History by numbers: Hun Sen’s lesson in leadership lost on Cambodia’s youth
- January 7 is four decades since civil war but country is still divided, with older generations hanging on to the past, while young people focus on the future
Grand celebrations will take place in Phnom Penh on Monday as Cambodia marks the 40th anniversary of the day the genocidal Khmer Rouge was overthrown by forces backed by Vietnam.
But the date has become a fault line in the country’s changing society.
For older Cambodians, like government spokesman Phay Siphan, it represents freedom.
“January 7 gave me a second life, it gave me freedom,” he said. “It gave the people a choice to pursue peace, stability and prosperity.”
However, with more than 70 per cent of the population below the age of 35, government claims the day was akin to a rebirth is falling flat.
“For the Cambodian young generation, I think many of them almost forget what [January 7] is,” said Yong Heng, a student and founder of the Asean Young Political Leaders Network.
Noan Sereiboth, a political blogger and member of youth forum Politikoffee, said for many young people the day’s meaning depended on their politics.
Some follow their parents in supporting the Cambodian People’s Party (CPP). They talk about the importance of Hun Sen – a former Khmer Rouge commander who defected – bringing peace, stability and development to Cambodia, while others want to focus on the future, according to Sereiboth.
Sam Rainsy, former leader of the dissolved opposition Cambodia National Rescue Party (CNRP), has described January 7 as the beginning of an occupation by an enemy who installed a corrupt and oppressive puppet government and said the people are still suffering.
Many youth hoped for change through the CNRP. The opposition party came close to victory in the 2013 general election and made hefty gains in commune elections four years later. The party was then outlawed and its leader, Kem Sokha, arrested on charges critics say are politically motivated.
The CPP now controls all 125 National Assembly seats.
While millions of Cambodians supported the CNRP, there were no signs of protests after post-election demonstrations in 2013 resulted in a bloody crackdown.
Astrid Noren-Nilsson, an associate senior lecturer at Sweden’s Lund University, said Hun Sen was seeking to present this chapter in Cambodian history to the next generation.
“Since the emergence of more contentious politics in 2013, Hun Sen has shown an ardent desire to re-explain his role in Cambodian history to the people,” she said. “Part of this is … about establishing his historical legacy in a definite manner for posterity. But … more importantly, about clarifying it to today’s electorate – and establish a new relationship with youth, to whom January 7 has been but a distant date in history.”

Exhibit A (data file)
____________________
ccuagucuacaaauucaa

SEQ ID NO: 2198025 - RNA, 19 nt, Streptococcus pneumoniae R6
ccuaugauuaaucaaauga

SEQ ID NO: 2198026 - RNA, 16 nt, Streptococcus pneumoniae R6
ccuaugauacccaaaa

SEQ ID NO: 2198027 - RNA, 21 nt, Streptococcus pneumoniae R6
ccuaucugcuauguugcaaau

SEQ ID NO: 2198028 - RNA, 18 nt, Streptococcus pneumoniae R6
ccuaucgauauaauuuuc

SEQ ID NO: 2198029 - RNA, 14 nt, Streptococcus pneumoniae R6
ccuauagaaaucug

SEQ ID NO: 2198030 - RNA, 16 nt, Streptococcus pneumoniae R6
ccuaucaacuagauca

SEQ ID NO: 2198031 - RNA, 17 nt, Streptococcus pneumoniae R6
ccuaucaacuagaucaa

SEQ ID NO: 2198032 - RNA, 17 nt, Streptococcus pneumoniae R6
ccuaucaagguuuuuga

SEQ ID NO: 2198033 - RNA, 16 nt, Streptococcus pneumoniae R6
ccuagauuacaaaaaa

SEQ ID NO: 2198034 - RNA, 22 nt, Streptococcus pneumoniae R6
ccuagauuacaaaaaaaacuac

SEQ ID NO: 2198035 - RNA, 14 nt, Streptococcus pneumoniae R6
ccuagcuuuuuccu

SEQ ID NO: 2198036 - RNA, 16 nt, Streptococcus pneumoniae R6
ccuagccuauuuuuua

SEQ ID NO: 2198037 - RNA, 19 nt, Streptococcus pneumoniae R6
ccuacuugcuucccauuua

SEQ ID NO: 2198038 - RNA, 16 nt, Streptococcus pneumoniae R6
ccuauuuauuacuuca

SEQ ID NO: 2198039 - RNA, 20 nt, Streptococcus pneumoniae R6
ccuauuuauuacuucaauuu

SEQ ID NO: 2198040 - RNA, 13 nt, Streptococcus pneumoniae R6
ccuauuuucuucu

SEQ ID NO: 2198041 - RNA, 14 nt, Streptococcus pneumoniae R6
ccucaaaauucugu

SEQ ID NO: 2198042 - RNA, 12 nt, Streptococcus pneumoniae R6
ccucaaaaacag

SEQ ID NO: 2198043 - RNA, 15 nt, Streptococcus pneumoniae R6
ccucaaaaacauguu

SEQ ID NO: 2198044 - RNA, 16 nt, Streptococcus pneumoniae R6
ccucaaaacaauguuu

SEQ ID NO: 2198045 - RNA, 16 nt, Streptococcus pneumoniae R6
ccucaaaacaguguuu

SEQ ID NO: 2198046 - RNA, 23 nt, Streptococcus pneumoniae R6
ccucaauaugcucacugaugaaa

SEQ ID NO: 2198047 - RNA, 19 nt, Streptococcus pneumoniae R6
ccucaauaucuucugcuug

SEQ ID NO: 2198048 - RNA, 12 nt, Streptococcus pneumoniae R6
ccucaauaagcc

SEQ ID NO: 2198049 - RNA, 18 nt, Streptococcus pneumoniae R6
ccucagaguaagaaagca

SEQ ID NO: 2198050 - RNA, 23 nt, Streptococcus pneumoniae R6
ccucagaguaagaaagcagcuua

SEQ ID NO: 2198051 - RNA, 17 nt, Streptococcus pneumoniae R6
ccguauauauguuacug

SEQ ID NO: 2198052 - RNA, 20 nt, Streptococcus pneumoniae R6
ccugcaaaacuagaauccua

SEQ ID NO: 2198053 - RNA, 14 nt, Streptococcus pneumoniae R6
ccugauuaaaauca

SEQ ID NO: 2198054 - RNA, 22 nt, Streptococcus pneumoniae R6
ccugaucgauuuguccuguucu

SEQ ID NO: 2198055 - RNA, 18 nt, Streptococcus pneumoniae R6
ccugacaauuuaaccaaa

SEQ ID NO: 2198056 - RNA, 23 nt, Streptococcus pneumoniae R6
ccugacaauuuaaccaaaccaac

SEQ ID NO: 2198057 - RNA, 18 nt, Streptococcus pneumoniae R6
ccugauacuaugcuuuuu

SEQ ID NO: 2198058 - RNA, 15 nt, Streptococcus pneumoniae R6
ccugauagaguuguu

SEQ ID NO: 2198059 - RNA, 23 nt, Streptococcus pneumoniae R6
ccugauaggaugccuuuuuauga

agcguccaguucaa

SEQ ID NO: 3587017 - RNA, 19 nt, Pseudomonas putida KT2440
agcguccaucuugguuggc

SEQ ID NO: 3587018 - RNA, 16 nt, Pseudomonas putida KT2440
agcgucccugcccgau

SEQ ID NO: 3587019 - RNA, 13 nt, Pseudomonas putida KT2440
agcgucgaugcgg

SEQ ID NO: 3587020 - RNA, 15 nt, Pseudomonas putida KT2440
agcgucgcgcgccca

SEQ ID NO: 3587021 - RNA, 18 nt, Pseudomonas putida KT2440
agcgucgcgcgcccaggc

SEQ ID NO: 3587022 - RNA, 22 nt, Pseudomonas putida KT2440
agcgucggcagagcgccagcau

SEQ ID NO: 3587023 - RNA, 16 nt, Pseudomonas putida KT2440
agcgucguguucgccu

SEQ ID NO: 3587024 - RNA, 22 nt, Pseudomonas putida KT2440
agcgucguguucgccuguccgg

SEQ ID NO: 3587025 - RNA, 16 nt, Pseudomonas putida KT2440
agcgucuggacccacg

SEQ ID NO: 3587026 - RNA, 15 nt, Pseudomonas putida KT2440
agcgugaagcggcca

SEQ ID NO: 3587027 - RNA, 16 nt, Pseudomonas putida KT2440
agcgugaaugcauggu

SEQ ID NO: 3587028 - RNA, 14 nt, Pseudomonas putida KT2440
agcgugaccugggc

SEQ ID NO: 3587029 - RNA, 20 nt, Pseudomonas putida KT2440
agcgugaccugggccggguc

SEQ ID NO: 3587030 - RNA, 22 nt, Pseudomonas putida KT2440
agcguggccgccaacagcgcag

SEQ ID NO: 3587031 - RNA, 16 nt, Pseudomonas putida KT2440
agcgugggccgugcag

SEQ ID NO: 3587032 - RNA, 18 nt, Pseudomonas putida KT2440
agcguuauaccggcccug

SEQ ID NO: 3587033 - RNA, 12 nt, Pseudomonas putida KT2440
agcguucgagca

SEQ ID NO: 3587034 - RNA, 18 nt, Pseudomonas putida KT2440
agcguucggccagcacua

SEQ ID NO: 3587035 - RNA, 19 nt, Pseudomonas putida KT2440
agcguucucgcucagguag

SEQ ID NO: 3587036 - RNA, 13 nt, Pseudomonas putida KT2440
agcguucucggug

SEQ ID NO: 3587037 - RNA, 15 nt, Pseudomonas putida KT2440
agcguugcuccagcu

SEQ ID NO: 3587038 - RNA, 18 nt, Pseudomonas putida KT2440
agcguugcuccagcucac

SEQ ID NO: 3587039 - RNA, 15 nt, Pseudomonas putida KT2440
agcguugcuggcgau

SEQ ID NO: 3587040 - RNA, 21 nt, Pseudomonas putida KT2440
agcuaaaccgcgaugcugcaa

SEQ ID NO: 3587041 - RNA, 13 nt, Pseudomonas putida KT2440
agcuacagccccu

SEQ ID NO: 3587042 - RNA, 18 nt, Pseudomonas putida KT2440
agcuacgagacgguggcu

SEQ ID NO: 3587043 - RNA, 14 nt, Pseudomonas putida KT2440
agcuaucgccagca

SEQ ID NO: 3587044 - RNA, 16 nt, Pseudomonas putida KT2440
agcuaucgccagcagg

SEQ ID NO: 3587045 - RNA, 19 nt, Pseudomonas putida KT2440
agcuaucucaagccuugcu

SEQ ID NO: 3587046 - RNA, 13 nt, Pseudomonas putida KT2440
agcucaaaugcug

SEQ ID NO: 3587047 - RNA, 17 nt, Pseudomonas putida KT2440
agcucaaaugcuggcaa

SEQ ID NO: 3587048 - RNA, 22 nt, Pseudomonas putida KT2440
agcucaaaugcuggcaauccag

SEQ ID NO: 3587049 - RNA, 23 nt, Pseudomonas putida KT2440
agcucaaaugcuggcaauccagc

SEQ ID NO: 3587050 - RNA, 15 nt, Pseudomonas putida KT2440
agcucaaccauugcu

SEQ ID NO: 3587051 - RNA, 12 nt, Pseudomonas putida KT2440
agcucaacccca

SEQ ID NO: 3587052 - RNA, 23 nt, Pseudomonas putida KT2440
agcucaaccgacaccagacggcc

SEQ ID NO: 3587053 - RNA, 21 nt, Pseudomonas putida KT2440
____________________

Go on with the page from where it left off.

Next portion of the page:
Hun Sen was also keen to highlight last month’s 20th anniversary celebrations to mark the fall of the Khmer Rouge, who continued to control small pockets of the country until 1998. The official end of the civil war is something he has touted as one of his greatest achievements and tens of thousands gathered for the inauguration of a US$12 million “Win-Win Monument”. Young people were drawn to the event because of pop star performances after the ceremony.
Sam Rainsy, who lives in Paris to avoid imprisonment on what his supporters say are trumped up charges, regularly raises January 7 in an attempt to paint Hun Sen as a puppet of Vietnam, which the opposition has tried to blame for Cambodia’s problems.
On the anniversary three years ago, Sam Rainsy posted a cartoon on his Facebook page of a Vietnamese soldier setting Cambodian homes on fire in 1975 only to return in 1979 to douse them with water. It was an apparent attempt to blame Khmer Rouge atrocities on Vietnam.
Anti-Vietnam rhetoric has long been popular in the country, where many distrust their eastern neighbour. This appears to continue, as well as growing anti-Chinese sentiment due to the increased influence of Beijing on the Cambodian government and a huge rise in tourists from China.
Political analyst Meas Nee said the ruling party and its rivals will probably continue peddling their January 7 narratives.
“When you look at the way the politicians and political parties now try to inject this ideology into the young generation as well … I think politicians still try do dominate [the youth] quite a lot,” Nee said. “This will end up with more divisions.”